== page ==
Seed treatments can be very beneficial when needed but may not be required in all situations. Research in winter wheat led by Brian Beres has shown increased yield stability using a seed treatment in combination with seed size and seeding rate enhanced yield stability, but the economic returns for the seed treatment were highest when the seed size, used as a proxy for vigour, was smaller. Barley specific research led by Kelly Turkington found variable responses to seed treatment – it was clearly beneficial in environments more prone to leaf disease.
Considerations where a seed treatment should be considered include at least the following:
- Seeding when the soil is cold;
- Seeding into dry conditions;
- Seeding infected seed;
- Seeding low vigour or small seed;
- Seeding in fields where root or seedling diseases have been a problem in the past;
- Seeding in fields where there have been insect pests.
Seed treatments should be selected based on the target pest and/or pathogen. They can be a single or dual action product.
Applying a seed treatment requires some set-up. It is important to ensure complete coverage of the seed with modern seed treatments. The flow rate of seed must be measured and matched to the flow rate of the seed treatment and two-stage mixing will be required.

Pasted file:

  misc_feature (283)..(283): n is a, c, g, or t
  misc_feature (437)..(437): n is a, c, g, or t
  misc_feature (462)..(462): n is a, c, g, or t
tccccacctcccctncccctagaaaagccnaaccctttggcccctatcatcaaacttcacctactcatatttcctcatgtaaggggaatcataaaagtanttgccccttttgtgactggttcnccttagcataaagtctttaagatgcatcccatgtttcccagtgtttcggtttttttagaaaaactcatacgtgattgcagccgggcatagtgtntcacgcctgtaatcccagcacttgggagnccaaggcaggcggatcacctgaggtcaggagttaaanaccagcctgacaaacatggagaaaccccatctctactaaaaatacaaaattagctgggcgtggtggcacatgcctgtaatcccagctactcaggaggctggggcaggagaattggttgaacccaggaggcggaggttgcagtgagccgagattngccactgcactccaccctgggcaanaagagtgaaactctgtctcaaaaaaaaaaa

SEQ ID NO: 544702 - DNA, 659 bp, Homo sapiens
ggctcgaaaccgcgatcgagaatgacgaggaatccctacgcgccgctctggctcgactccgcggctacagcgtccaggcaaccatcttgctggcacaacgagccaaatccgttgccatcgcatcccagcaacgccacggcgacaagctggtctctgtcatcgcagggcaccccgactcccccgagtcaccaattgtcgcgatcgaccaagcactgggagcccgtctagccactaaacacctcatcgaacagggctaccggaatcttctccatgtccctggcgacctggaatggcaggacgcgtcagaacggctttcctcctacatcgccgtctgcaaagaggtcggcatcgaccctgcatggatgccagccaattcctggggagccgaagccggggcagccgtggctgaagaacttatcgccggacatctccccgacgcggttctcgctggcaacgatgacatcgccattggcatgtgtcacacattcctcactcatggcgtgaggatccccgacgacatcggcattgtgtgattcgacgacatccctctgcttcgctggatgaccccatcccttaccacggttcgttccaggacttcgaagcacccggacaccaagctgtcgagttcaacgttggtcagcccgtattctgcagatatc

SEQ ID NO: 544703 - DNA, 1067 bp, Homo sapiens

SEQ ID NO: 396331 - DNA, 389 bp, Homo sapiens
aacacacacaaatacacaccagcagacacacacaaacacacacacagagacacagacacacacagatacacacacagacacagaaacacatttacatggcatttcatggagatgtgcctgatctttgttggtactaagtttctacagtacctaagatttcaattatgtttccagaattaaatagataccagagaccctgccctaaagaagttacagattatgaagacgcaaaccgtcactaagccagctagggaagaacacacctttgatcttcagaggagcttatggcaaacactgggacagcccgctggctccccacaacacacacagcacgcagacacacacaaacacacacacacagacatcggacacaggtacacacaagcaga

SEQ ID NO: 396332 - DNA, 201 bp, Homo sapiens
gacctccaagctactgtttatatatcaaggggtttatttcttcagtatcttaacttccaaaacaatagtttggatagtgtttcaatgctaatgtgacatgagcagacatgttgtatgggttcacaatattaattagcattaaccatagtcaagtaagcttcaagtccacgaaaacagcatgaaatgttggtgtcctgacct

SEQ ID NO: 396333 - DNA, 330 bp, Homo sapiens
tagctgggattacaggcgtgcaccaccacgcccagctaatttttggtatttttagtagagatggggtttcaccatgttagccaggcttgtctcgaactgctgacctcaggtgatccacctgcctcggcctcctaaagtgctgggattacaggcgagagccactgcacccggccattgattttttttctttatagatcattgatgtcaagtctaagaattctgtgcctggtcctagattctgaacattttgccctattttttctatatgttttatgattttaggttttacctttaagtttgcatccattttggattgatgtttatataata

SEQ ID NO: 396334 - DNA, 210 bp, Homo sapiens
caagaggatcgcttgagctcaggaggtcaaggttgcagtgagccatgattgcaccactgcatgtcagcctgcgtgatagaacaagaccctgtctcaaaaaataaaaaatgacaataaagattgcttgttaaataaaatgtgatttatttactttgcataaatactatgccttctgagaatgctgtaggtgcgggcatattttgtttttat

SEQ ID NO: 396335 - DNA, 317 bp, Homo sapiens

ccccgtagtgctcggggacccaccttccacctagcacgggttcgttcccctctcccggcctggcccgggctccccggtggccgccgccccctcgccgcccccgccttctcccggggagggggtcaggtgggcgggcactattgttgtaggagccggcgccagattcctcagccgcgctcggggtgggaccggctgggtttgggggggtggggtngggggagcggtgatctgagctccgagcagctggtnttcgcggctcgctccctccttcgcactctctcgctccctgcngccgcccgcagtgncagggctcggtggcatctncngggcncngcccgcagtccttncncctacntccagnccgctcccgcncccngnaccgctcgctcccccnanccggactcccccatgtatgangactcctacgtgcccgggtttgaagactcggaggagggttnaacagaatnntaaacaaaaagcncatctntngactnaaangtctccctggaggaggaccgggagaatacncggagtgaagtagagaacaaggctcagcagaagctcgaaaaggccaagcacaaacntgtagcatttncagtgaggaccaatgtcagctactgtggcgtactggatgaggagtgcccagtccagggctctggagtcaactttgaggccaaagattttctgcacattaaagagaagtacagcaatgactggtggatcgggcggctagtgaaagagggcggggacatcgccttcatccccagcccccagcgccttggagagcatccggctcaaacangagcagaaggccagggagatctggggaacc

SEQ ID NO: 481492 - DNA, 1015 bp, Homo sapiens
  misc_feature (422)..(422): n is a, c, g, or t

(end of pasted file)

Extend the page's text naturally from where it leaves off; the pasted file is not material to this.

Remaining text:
The Saskatchewan Ministry of Agriculture’s Guide to Crop Protection provides an overview of available products for seed treatments, as well as herbicides, insecticides and fungicides. It is also a good resource for general agronomy and safety measures for pesticides.
Seeding is a huge operation. It requires many hours of preparation and even more putting the crop in the ground. It is also critical to get it right. The whole crop year depends on getting seed in the ground successfully to establish and grow a good crop. Crop establishment is the starting point and will be an important factor in yield potential for the season. It’s worth investing time in variety selection, seed testing, seeding rates, seeding dates and seed treatments.
New insecticidal seed treatment available for controlling wireworm
There is a new crop product available to barley producers this growing season that is showing great potential to help with your crop production. Teraxxa F4 is a BASF insecticidal seed treatment that controls and eliminates wireworm, which has been a significant issue for barley producers in Saskatchewan.
Growers are reminded to seek input from professionals before you use any new product on your crop. Talk with your grain buyer, including your grain company rep, and/or local elevator operators about how new crop products you plan to use could affect your marketing plans.
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Consider joining our Board
- Are you interested in helping us discover new and innovative ways to grow barley in Saskatchewan?
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If you answered “yes” to any of the above questions, we have an opportunity for you! It’s an election year for us; we will need to fill three positions on our Board as of January 2022. Nominations will open in June so watch for more information. If you have any questions in the meantime and/or are interested in learning more, please reach out to any of our current Directors or staff any time.